Note the trees along the bypass at upper right. They are not taller than the surrounding trees, but instead are growing on the mound graded by B&O to keep the bypass elevation fairly level. A cross section of that mound is visible where the Harbor Tunnel Thruway (later I-895) cut through at upper right.


I-895

I-895
Mile: 6.7 Date: Jun 2011
Ease: A- View: W
Area: B IC2:
Map: Ba 41 J 13 Topographic Maps

The bypass would have bridged where the guardrail begins beyond the sign for I-895's Exit 1, which, coincidentally, is the exit for US 1. Had the bypass been built before I-895, it may have forced I-895 to a lower elevation.

The near bridge carries I-195, creating the rare example of two interstate highways that meet but have no interchange ramps. There are fewer than ten such examples in the country, with this the only one in Maryland.

Link: List of Interstate gaps


Utilities

Utilities
Mile: 6.8 OML / 10.0 Cap Date: Nov 2002
Ease: B- View: E
Area: B IC2:
Map: Ba 41 K 13 Topographic Maps

South of I-89, the bypass would have progressed through surroundings that became part of Patapsco State Park. The area between the interstates and the Patapsco River is a limited-access, swampy lowland traversed by highways, utility lines, and crude maintenance roads.

To boost the tracks over the swamp, B&O used dirt it had excavated for the Howard Street Tunnel as fill. The railroad later removed most that soil for use elsewhere which is why you now find ponds along the bypass route north of the Patapsco River.

Note milepost values near the Viaduct have been distorted by modifications to the preferred route from/to Baltimore. What is marked trackside as Old Main Line milepost 7 is closer to 7.2, which is also where Washington Branch (CSX Capital Subdivision) milepost 9 can be found. When B&O opened the Camden Cutoff, roughly two miles were shaved from the distance, but Washington Branch mileposts were never updated.

Detour: Camden Cutoff tour at this site


Aerial 1938

Aerial 1938
Mile: 9.1 (center) Date: Apr 1938
Ease: View: N (up)
Area: IC2:
Map: Ho 17 K 6 Topographic Maps

The dark / diagonal represents the southern part of the bypass route, starting from upper right where a bridge over the Patapsco River would have been required. The bridge would have been located about 4400 feet downstream of the Thomas Viaduct. B&O never began building that bridge, so there is nothing of it to be found along the riverbanks.

The bright line crossing the trees is Furnace Avenue. Photo resolution is insufficient to determine if a short siding had existed at the southernmost part of the bypass where there was no tree cover.


Furnace Avenue

Furnace Avenue
Mile: 9.5 Date: Dec 2017
Ease: A View: NE
Area: B IC2:
Map: Ho 17 K 6 Topographic Maps

South of the river the bypass comes ashore in Howard County adjacent some relatively new homes along Furnace Avenue. The road gets its name from the former iron forge known as Elkridge Furnace. The tracks likely would have bridged over Furnace Avenue here.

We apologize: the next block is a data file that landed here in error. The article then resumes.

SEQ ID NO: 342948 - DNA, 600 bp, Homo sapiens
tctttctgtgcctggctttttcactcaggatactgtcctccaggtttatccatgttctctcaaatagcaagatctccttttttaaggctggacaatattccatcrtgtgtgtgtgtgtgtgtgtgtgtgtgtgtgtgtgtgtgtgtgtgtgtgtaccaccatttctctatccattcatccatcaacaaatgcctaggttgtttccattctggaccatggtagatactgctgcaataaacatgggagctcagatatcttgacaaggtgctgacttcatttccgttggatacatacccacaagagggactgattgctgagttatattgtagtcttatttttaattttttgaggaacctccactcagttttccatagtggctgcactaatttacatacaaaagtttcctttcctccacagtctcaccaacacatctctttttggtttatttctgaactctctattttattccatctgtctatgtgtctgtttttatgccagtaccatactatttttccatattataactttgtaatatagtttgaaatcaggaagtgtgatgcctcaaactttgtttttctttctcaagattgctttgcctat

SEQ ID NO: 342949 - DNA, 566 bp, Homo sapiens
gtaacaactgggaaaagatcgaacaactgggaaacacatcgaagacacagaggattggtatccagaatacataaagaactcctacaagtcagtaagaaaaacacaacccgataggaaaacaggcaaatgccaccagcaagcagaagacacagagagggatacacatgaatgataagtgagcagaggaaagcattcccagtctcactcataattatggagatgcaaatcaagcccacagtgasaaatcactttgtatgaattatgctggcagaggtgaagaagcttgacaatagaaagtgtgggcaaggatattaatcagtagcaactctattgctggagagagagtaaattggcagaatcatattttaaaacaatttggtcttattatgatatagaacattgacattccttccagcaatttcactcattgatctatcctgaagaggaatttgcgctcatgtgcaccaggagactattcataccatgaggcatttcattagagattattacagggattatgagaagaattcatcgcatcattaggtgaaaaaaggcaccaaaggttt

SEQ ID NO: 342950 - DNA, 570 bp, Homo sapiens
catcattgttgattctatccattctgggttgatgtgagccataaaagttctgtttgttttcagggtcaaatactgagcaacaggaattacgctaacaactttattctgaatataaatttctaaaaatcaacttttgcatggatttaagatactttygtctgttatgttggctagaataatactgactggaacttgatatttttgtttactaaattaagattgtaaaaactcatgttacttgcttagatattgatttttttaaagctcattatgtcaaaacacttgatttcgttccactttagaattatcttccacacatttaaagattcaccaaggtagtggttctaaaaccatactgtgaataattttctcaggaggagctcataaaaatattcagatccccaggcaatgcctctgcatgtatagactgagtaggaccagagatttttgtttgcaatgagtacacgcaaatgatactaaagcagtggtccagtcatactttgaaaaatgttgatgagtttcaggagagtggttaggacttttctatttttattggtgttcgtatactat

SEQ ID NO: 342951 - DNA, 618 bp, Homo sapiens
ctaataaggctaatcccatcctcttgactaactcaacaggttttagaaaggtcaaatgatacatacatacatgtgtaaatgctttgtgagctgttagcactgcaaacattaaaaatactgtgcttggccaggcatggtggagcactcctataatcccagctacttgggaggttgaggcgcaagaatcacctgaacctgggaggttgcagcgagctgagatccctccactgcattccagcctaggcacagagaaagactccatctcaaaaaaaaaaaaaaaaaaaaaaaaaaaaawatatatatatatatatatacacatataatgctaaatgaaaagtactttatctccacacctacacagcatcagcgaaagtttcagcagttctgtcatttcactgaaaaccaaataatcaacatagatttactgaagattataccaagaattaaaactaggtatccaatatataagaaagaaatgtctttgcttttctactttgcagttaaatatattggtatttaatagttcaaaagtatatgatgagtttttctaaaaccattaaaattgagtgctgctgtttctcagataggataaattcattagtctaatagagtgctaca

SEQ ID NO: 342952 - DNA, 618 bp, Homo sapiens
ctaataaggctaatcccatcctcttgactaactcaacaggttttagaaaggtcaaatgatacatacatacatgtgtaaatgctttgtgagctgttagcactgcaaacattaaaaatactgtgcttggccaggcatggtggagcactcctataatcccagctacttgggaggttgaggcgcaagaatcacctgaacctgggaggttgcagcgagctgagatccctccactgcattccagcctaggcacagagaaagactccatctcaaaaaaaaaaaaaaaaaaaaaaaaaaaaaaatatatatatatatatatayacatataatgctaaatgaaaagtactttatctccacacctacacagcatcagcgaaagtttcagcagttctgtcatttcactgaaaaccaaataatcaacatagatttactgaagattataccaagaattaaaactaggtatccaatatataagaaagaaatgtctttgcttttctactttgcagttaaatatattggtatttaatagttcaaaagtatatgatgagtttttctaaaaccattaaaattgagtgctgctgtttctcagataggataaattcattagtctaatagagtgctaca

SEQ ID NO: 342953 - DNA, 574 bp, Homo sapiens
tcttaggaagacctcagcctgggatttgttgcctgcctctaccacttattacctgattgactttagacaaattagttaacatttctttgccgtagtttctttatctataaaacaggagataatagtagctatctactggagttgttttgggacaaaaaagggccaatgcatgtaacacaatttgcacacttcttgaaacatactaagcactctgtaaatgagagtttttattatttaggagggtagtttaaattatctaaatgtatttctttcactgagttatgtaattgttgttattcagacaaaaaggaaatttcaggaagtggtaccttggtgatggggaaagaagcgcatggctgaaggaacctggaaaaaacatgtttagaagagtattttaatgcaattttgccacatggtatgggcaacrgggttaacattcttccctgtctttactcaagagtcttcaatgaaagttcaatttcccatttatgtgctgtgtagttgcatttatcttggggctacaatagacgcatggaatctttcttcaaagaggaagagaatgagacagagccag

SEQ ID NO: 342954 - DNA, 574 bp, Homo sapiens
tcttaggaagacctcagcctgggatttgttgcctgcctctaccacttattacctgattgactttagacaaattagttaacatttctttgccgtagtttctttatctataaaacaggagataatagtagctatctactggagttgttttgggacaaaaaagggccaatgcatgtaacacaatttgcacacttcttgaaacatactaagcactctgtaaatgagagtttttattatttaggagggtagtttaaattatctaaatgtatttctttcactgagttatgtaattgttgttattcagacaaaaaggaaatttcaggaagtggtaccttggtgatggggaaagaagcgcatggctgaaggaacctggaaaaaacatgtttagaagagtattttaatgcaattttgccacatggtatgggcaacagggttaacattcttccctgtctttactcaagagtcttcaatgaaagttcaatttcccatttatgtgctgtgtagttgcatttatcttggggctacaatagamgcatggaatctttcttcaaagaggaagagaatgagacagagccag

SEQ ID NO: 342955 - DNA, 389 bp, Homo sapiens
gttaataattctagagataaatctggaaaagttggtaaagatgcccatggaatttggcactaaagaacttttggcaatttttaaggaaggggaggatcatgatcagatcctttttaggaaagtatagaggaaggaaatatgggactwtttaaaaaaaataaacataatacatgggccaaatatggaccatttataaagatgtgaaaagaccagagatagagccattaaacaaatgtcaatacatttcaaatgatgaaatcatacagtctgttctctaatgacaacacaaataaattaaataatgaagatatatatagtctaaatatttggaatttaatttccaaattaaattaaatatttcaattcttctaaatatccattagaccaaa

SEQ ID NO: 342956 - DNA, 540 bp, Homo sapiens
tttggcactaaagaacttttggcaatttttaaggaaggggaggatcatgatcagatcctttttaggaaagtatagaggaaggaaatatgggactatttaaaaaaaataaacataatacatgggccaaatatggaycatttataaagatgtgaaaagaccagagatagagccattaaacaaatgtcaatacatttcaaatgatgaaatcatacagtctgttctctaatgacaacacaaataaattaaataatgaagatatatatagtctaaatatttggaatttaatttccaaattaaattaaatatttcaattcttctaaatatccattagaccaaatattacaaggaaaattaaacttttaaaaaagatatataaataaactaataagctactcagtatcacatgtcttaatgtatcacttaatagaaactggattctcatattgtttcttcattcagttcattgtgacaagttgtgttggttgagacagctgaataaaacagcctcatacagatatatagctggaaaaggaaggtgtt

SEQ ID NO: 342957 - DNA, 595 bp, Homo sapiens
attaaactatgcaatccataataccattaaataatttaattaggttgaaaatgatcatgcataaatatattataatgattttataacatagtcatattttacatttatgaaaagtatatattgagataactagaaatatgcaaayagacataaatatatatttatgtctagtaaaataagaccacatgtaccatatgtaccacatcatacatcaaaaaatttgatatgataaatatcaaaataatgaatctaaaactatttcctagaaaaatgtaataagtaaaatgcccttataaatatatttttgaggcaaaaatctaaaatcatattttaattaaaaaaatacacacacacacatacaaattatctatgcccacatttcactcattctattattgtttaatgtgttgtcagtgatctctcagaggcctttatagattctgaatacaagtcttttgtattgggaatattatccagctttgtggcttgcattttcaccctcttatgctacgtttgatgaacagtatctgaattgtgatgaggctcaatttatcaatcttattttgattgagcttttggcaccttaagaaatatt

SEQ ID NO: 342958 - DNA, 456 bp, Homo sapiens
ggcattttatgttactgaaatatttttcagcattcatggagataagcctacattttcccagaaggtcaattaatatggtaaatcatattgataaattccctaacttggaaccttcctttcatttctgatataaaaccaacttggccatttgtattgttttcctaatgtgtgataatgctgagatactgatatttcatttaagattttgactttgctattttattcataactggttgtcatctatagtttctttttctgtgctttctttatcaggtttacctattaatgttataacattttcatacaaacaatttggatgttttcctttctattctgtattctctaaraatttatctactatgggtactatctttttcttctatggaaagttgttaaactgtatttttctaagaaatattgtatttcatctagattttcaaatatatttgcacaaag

Mounded

Mounded
Mile: 9.6 Date: Dec 2017
Ease: A View: SE
Area: B IC2:
Map: Ho 17 K 6 Topographic Maps

South of Furnace Aveue, and southeast of Railroad and Paradise Aveues, the bypass mound has not been removed. Behind these homes, it towers about 20 feet higher than the surroundings, and would have needed to be almost 10 feet taller to keep the grade from here south to the Washington Branch reasonable.


Fence

Fence
Mile: 9.8 Date: Dec 2017
Ease: A View: W
Area: B IC2:
Map: Ho 17 K 6 Topographic Maps

The mound, shrouded by foliage even in late autumn, runs parallel to the fence.


Tree Gap

Tree Gap
Mile: 10.0 Date: Dec 2017
Ease: B View: NE
Area: B IC2:
Map: Ho 17 K 7 Topographic Maps

A path or perhaps a siding followed some of the mound.


Elkridge Junction

Elkridge Junction
Mile: 10.0 Date: Dec 2017
Ease: B View: NE
Area: B IC2:
Map: Ho 17 K 7 Topographic Maps

CSX 3073 follows the Washington Branch, now CSX Capital Subdivision. The bypass would have emerged from the trees on the right to make this spot Elkridge Junction.

B&O's bypass plan called for the Thomas Viaduct to be kept active to serve customers along the original alignment in Elkridge. After those customers closed shop during the 20th century, the grand Thomas Viaduct would have been at risk of disuse.

Had the bypass been constructed, the viaduct could have then been kept productive by modifying its north/east end to permit Washington Branch eastbound trains to turn west along the Old Main Line. Had there originally been room for such a connection, B&O might never have built its Metropolitan Branch.


Future

Future
Mile: 6.5 Date: ~1960 (Aug 2018)
Ease: View: S
Area: A IC2:
Map: Ba 41 K 12 Topographic Maps

delivery Aug 2018 Sadly, I suspect CSX or a successor railroad will someday turn the Thomas Viaduct into a stone age relic by bypassing it via the straighter alignment. Given how Calvert/Seagram/Guinness have avoided building on the land close to US 1, CSX may still have an easement along that strip.

With the 2018 opening of the first Guinness brewery in the USA, again deliveries are arriving there via train.

Link: Yelp reviews of Guinness Open Gate Brewery and Barrel House



From here you can continue west along the Capital Subdivision at mp 10.